This autonomous robot will do your yard work year-round

Kobi is the world's first autonomous robot that can mow the lawn, clean up leaves, and remove snow. It's convenient, safe, and environmentally-friendly -- but you can't buy one until next year.

Temperatures are dropping, and for many of us, that means it's time to put the lawn mower away and break out the leaf blower instead. Soon, we'll clear the last few leaves, just in time for the snow to fall. Welcome to back-breaking shoveling sessions, or if you're lucky, some monotonous snow blowing in the cold.

But next year, a single robot can handle your yard work throughout all of the seasons.

Today The Kobi Company is introducing the world's first 3-in-1 autonomous robot that can mow the lawn, clean up leaves, and remove snow.

We spoke with the company's co-founders, CEO Andrew Ewen and CTO Steven Waelbers. They met each other while working together at a financial institution in Belgium. Like so many innovative startups, The Kobi Company began while a couple of smart people chatted casually over a few beers. Waelbers had studied theoretical physics and was working at a bank, but in his spare time he built robots, drones, and other electronic devices. Ewen, an experienced entrepreneur with sales and marketing experience, helped push Waelbers to turn his hobby into a business.

One night while having drinks after work, Waelbers told Ewen about a recent side project. He explained that his dad had been bugging him to stop building drones, and instead make a useful robot, such as one that could push the snow out of his driveway. Waelbers says, "I already had a robot that I used for something else, so I quickly turned it into a machine to clean the snow."

Now, they have launched a company that is based in New York and staffed with several engineers. The company's first product, Kobi, is an autonomous electric robot that has three different modules that can easily be snapped into place to switch from grass, to leaves, to snow removal. "We made sure that the process of changing the modules would be extremely easy, to the point where even a 5-year-old child could do it," says Waelbers.

Yard work is annoying, but it can also be dangerous. People can be injured by the blades in traditional landscaping equipment and shoveling snow is such a strenuous activity that it causes heart attacks and hundreds of deaths each winter. While a robot that can mow your lawn and remove your leaves is convenient (and let's be honest -- entertaining), Kobi's biggest advantage is snow removal. The robot drives itself so that users can stay warm, cozy, and safe inside, knowing that an app will alert them if anything unexpected happens. I want one just because I'm lazy and I like gadgets, but Kobi is even more beneficial for people who are unable to perform yard work due to health issues.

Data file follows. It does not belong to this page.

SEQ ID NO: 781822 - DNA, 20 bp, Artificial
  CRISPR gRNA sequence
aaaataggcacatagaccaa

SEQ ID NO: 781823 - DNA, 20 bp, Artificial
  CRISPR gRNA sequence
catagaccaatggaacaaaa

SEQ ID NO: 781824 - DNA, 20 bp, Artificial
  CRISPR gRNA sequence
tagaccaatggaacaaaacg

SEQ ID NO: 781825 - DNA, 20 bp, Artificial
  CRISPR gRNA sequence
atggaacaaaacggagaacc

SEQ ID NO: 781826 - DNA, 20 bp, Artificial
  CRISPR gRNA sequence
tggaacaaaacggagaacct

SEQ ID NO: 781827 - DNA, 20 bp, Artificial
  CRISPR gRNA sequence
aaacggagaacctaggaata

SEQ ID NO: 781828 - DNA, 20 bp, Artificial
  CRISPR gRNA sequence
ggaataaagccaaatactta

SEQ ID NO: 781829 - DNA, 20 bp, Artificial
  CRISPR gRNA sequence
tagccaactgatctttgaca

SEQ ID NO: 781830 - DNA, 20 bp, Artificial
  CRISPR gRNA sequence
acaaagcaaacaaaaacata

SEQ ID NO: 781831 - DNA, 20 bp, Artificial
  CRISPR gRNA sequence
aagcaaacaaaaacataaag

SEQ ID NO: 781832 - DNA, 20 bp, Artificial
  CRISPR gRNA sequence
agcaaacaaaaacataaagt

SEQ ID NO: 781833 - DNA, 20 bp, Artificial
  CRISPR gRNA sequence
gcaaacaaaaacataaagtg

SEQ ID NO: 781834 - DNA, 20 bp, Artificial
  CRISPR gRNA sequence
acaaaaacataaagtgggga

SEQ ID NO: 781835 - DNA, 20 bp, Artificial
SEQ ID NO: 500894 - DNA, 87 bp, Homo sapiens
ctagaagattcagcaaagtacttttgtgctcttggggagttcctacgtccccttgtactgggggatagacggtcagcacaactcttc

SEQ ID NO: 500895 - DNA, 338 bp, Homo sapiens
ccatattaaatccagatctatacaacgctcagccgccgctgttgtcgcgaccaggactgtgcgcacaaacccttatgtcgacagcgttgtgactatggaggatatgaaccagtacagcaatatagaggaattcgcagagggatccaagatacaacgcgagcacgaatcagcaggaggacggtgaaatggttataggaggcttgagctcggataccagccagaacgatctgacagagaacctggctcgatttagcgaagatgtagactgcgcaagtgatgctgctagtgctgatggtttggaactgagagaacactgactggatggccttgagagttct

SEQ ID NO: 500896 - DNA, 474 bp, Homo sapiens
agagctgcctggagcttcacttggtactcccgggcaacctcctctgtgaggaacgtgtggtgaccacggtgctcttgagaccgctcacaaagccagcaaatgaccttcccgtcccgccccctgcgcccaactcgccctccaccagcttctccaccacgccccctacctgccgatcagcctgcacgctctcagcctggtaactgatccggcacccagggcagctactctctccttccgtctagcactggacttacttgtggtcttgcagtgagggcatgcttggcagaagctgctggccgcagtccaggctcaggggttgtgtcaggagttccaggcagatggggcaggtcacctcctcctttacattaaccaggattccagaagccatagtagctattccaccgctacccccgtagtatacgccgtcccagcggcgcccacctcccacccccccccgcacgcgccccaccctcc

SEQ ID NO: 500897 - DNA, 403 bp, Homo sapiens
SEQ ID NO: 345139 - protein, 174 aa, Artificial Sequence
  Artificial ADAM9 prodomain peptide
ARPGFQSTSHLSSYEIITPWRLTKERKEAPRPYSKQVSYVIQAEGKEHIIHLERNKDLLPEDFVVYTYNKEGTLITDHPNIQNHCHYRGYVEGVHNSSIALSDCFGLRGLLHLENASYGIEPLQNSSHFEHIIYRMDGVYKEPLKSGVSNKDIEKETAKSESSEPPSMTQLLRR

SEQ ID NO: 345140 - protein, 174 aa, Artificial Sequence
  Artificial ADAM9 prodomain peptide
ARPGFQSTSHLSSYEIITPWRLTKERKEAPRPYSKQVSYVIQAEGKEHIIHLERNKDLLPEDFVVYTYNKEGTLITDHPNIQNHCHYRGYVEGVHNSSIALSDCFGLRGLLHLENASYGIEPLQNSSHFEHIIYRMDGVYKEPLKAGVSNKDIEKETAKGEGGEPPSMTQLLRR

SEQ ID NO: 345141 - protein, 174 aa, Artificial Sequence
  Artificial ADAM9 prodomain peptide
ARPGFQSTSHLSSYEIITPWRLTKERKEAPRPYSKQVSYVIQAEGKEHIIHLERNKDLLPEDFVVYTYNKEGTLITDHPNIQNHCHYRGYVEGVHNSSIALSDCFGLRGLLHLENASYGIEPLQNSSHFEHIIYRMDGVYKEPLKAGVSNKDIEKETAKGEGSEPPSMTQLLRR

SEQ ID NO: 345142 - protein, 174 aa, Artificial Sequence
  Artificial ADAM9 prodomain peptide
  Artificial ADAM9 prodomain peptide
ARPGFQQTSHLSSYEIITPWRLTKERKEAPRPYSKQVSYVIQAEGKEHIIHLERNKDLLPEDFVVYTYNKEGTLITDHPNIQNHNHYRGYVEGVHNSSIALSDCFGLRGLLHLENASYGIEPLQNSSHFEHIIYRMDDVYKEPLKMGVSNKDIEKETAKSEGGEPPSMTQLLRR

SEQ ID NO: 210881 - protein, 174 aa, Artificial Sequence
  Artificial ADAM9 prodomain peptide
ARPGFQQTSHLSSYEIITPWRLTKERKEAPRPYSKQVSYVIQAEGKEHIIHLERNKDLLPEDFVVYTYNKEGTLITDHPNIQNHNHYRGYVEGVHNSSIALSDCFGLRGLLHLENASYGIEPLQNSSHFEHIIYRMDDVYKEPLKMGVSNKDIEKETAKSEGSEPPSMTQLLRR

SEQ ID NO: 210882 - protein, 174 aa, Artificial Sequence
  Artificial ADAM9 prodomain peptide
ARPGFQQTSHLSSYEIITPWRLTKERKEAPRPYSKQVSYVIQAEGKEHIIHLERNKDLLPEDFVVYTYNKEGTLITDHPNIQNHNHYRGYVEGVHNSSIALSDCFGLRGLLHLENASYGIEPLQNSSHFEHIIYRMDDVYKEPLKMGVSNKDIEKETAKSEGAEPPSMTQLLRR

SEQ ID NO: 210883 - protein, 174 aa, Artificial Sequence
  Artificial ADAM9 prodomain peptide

When you first bring the robot home, you simply use an app to direct Kobi around your driveway and yard so you can teach it the boundaries and give instructions on where to dump the leaves and snow. Like many autonomous robots, it uses sensors and GPS to navigate. It also has Wi-Fi, Bluetooth, and mobile data connectivity, so it can communicate with your smartphone, as well as monitor the weather forecast in order to catch the earliest, lightest snowflakes as soon as a storm begins.

Ewen explains that The Kobi Company is trying to change the mindset of how people manage their yard work. He says, "Today, the average person waits until it stops snowing, and then you have a foot of snow, and it starts to melt and get heavy." This method requires big bursts of energy, which is inefficient and would drain a robot's battery too quickly.

"Everyone knows it's actually better to go outside while it's still snowing and take small bites at a time. But nobody wants to go outside when it's cold and dark to shovel," Waelbers adds. "But our robot doesn't care, he just goes out and shovels."

The $4,000 base-model robot can handle most yards and driveways on a single charge, although users with especially large yards will have to buy more powerful batteries. It can even climb moderate hills, up to a 40 percent slope. (Since we're talking about snow, in skiing terms, that means Kobi can handle green circles and blue squares, but not black diamonds.)

It might take consumers a while to get used to the concept of letting a powerful, bladed machine drive itself around their personal property, but Kobi's creators are confident that the robot is safe and accurate. It is smart enough to stay within the assigned boundaries and built-in safety features, such as a camera and ultrasonic sensors, will detect any objects (including pets or neighbors) that might get in the robot's path.

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Kobi is an autonomous robot that cuts grass, removes leaves, and clears snow from your driveway. (Image: The Kobi Company)

Waelbers says, "We've done risk analysis and it turns out that the chance of an accident happening is very low." When asked if Kobi is safer than manual lawn equipment, Ewen quickly answered, "Yes, I would absolutely say that."

Another added perk: since Kobi is an electric machine, it is more environmentally friendly than gas-powered lawn equipment. According to the Environmental Protection Agency (EPA), lawn mowers are responsible for five percent of all air pollution in the US. Additionally, when most people fill a lawn mower or snow blower, a few drops of gas spill over, and the EPA says these spills add up to a staggering 17 million gallons of fuel that drips into the groundwater. Kobi doesn't require any fuel since it is entirely battery powered.

Unfortunately, Kobi isn't quite ready for this winter. By the end of December ten customers will be able to purchase beta units of the robot. Their feedback will then be used to make any final improvements to the design, which will be rolled into mass production in early 2017.